Apples and honey are a Rosh Hashanah tradition. But is there one type of apple that goes best with honey? The New Year begins at sunset on Sept. 29. As the holiday approaches, I began searching for the answer.
I tasted five popular types of apples: Red Delicious, Gala, Golden Delicious, Honeycrisp and Granny Smith. I dipped them in honey, which is the Ashkenazi tradition, and separately in sugar, the Sephardic tradition.
I used clover honey and raw organic cane sugar. The sugar was a pleasant surprise because it added a crunchy texture to the apples, and it wasn’t overwhelmingly sweet.
Amy Rosen, author of the new cookbook “Kosher Style,” says Granny Smith apples go well with honey because they’re sour.
“Definitely certain apples work better for this than others, just like certain apples work better for baking,” Rosen said about foods that complement each other.
Washington-area Jewish food expert Susan Barocas agrees: “Some of them aren’t good — they’re too soft, or too sweet. My favorites are apples that are sweet-tart.”
Barocas adds that crispiness is important. “For me, it’s the mouth feel all the time. I just don’t like soft apples. But I think if you want to get a little poetic about it, this [Rosh Hashanah] idea of the newness, that somehow a crispy apple feels newer. It feels like the New Year, it feels like a fresh bite.”
Barocas says she’s not a fan of the Delicious apples. Rosen says Red Delicious apples are “hideous” and suggests trying a Cortland or McIntosh apple, which are similar to each other.
Barocas says her favorite apples are Jonagold. They’re “sweet-tart and crispy, and you can pick them locally,” she said.
Some of Rosen’s family’s Rosh Hashanah recipes, which use honey and sugar — a challah topped with brown sugar, and a wildflower honey cake — are included in “Kosher Style.”
But why do Sephardic Jews use sugar on Rosh Hashanah?
Barocas says a lot of it has to do with tradition and availability in a time in Jewish history when harvesting honey was dangerous.
“Before the New World sugar, there were forms of sugar in Europe already, including the plants that could be dried that were sweet,” she tells me. “That would be very accessible. It was not so easy to collect honey before beekeeping came into being.”
Some Sephardic communities use date syrup or sugar water, according to Jewish food writer Sybil Kaplan.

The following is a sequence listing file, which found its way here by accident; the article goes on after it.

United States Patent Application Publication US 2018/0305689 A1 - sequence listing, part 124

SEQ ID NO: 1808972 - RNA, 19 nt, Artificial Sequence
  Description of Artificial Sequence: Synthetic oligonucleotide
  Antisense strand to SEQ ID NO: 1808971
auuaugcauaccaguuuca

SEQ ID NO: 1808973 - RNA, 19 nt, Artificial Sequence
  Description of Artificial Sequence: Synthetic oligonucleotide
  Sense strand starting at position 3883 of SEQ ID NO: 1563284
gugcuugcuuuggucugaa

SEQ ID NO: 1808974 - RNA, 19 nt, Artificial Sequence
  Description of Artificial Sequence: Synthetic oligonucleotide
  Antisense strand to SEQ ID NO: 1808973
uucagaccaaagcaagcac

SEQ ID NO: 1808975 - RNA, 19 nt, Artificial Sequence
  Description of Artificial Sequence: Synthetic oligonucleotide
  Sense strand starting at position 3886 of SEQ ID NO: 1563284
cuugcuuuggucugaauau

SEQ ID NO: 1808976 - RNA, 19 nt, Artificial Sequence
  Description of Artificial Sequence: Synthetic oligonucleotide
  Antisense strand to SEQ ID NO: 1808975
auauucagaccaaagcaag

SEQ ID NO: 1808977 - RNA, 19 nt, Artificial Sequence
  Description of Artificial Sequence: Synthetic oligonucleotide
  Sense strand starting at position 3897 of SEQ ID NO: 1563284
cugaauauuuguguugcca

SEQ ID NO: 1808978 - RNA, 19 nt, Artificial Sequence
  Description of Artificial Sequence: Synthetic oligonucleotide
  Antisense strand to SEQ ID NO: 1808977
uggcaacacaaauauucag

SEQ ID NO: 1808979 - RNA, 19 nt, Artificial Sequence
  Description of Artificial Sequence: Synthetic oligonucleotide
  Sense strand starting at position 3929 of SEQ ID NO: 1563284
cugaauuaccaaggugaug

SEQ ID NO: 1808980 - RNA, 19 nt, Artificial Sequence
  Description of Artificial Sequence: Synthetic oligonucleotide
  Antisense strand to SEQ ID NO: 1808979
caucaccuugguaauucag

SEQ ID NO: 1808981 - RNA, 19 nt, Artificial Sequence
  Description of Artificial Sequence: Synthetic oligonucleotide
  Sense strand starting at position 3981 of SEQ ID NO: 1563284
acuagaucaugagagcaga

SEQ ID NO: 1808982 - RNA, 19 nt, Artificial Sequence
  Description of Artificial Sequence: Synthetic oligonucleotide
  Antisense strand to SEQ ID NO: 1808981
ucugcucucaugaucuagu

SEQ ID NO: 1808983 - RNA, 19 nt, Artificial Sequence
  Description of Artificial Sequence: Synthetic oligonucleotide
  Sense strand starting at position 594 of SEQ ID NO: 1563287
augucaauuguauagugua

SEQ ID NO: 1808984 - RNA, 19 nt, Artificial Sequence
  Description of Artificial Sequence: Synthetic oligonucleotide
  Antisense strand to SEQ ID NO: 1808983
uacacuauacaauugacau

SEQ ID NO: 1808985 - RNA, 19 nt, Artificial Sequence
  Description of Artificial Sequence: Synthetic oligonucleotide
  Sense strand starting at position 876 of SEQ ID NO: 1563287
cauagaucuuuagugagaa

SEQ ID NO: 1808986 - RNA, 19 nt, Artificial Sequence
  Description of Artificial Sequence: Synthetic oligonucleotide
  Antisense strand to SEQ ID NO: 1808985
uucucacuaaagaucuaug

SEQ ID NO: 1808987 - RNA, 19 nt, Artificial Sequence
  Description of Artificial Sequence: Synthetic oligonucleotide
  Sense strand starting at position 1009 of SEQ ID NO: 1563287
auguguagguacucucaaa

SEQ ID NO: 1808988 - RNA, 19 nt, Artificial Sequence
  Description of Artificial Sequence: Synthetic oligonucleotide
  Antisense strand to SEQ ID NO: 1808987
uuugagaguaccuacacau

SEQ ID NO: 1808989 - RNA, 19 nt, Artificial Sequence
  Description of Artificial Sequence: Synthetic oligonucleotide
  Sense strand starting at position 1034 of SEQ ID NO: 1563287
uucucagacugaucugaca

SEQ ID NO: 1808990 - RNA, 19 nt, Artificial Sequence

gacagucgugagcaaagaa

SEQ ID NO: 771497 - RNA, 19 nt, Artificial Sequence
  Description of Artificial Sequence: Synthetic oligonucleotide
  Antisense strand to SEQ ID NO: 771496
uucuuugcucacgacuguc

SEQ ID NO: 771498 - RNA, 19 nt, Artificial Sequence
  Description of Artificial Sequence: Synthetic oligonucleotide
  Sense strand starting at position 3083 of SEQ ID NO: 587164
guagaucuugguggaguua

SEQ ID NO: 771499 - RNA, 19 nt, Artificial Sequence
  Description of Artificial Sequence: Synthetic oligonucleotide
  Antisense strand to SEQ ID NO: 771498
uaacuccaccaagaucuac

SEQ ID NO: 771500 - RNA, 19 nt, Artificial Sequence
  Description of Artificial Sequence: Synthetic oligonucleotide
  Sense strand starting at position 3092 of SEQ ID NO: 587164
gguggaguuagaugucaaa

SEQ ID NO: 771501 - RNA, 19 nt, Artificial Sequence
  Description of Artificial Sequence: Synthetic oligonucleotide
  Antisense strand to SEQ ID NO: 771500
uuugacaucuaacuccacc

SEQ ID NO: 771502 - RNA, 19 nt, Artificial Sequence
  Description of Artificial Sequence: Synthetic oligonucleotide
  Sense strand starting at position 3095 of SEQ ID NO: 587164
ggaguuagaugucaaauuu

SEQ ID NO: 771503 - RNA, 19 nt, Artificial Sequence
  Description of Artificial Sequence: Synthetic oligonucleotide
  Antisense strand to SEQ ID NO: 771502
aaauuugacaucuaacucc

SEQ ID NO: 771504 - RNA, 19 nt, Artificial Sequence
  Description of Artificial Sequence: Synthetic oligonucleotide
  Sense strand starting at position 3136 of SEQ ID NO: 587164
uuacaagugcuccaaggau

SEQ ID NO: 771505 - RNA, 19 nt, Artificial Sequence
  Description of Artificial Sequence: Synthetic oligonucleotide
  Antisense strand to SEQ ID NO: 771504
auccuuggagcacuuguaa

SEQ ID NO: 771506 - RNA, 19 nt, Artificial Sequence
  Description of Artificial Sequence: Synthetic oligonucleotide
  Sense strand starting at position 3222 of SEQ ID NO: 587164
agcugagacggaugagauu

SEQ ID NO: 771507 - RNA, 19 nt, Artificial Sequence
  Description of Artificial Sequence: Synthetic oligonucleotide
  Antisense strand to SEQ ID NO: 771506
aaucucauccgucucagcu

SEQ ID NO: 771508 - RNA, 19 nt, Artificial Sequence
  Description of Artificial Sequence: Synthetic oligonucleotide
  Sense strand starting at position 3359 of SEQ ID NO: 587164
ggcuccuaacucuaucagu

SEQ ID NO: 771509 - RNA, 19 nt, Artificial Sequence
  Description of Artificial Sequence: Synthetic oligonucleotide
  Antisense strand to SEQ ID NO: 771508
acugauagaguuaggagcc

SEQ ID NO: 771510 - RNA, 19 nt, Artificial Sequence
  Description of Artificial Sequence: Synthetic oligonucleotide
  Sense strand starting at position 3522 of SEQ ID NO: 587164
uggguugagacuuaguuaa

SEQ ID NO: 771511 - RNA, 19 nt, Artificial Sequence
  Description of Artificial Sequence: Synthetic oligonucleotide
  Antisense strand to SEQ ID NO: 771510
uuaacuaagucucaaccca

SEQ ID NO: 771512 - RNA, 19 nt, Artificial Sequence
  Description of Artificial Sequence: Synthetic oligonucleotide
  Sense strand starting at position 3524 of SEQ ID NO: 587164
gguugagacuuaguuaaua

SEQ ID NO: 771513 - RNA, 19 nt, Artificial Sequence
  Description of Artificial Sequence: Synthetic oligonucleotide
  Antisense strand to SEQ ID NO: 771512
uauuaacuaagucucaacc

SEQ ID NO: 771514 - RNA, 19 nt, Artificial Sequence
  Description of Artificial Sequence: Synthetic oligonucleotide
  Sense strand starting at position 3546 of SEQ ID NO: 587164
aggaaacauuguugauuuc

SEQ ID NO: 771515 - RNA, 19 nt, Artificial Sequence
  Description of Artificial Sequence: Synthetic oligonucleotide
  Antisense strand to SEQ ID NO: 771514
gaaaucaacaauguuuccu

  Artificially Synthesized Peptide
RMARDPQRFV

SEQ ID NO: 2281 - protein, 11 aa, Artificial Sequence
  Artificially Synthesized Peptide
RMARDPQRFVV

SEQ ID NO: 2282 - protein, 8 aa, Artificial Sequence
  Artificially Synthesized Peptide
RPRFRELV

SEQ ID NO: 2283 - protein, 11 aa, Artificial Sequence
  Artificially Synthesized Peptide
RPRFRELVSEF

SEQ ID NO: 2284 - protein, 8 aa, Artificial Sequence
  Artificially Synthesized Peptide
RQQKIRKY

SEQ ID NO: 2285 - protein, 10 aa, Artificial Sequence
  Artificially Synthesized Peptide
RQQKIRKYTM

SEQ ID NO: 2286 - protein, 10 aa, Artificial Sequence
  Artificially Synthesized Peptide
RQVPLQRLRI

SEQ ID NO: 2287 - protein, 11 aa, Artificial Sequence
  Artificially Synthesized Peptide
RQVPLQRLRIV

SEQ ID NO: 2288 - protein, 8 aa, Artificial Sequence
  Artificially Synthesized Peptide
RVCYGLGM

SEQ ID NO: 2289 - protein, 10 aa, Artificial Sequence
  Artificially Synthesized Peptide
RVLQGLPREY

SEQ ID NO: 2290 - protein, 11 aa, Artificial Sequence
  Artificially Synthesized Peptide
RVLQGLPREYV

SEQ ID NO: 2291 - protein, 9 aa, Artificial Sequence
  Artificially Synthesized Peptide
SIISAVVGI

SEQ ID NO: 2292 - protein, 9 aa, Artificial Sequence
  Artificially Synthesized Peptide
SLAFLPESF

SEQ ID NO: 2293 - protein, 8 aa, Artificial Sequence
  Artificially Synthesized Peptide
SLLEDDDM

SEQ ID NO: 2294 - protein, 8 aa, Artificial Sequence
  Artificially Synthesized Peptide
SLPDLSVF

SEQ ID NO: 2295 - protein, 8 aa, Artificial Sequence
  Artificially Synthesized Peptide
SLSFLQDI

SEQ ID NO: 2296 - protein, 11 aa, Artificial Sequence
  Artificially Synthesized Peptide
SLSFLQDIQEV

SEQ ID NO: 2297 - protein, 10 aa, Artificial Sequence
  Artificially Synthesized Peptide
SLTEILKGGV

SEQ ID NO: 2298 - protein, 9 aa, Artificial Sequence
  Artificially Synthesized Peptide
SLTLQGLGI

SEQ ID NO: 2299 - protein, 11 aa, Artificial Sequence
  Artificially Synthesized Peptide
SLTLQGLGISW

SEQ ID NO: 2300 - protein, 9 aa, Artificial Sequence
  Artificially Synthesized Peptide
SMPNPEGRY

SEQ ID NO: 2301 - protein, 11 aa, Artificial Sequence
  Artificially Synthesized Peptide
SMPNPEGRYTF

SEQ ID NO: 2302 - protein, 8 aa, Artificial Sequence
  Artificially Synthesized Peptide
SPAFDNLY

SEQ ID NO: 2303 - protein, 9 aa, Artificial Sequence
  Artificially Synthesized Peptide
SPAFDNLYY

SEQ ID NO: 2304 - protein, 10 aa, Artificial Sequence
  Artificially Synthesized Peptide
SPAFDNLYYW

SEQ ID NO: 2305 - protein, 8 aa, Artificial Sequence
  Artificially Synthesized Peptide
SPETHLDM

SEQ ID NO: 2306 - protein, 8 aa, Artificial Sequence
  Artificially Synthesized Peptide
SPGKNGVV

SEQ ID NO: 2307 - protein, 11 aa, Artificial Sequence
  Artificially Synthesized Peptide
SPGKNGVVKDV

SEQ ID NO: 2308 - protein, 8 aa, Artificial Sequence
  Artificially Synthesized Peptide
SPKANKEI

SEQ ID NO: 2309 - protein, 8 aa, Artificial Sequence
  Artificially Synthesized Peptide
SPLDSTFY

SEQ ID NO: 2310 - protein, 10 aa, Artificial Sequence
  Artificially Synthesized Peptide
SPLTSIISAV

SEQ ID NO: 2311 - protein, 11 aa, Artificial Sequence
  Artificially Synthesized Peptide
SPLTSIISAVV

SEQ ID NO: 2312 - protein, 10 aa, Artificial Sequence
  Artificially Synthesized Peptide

Barocas says Sephardic Jews also use preserved sweets, and she makes her own preserved apples. She also makes a cooked candied apple each year.
Though she doesn’t eat apples with sugar, Barocas says she always puts out that option for her guests at her Rosh Hashanah seder — along with several types of honey (raw unfiltered, Manuka, creamed and sometimes even chocolate). She also puts out date syrup.
Clover is the most widely available and familiar type of honey, according to Rosen. But she says there are other options for more flavor.
“I’d say if you want to vamp it up a little bit, orange blossom and wildflower would be delicious,” she says.
To prevent the apples from turning brown, Rosen suggests tossing the slices in the juice of half a lemon.
Here’s what I found during my taste test, ranked from worst to best.
I love Honeycrisp apples to snack on whole or as slices, but they just did not do well with the honey or sugar. They are much too sweet to be eaten with either —I felt overloaded with syrupy sweetness — though the sugar worked better than the honey because the sugar was not as sweet.
4. Red Delicious
Simply put, Red Delicious apples are not delicious, and I’ve never thought so, but they are a very common and accessible type of apple. This apple had no taste, so it did not complement either the honey or the sugar. I ranked it above the Honeycrisp only because it didn’t make me feel like I was eating pure syrup.
The Gala apple was a perfectly fine, middle-of-the-road apple. It had a neutral taste and worked with the honey and sugar equally well. It’s a safe bet, and if you get this apple, I think everyone in your
family will be satisfied.
2. Granny Smith
I thought Granny Smith would be the winner, and it was indeed good with the sweet companions because of its tartness. This is a solid choice to use with honey, and eating this apple with the crunchy sugar made me wish for an apple pie or crumble.
My particular Golden Delicious was the sourest apple that I taste tested. (I told Rosen this, and she was surprised.) Because of this, it was my favorite with the honey — I ate several slices even after finishing the official taste test. I love getting that twinge of tartness followed by a sea of sweetness.
But maybe the best bet for the Rosh Hashanah spread is just to have many kinds of apples for everyone to enjoy.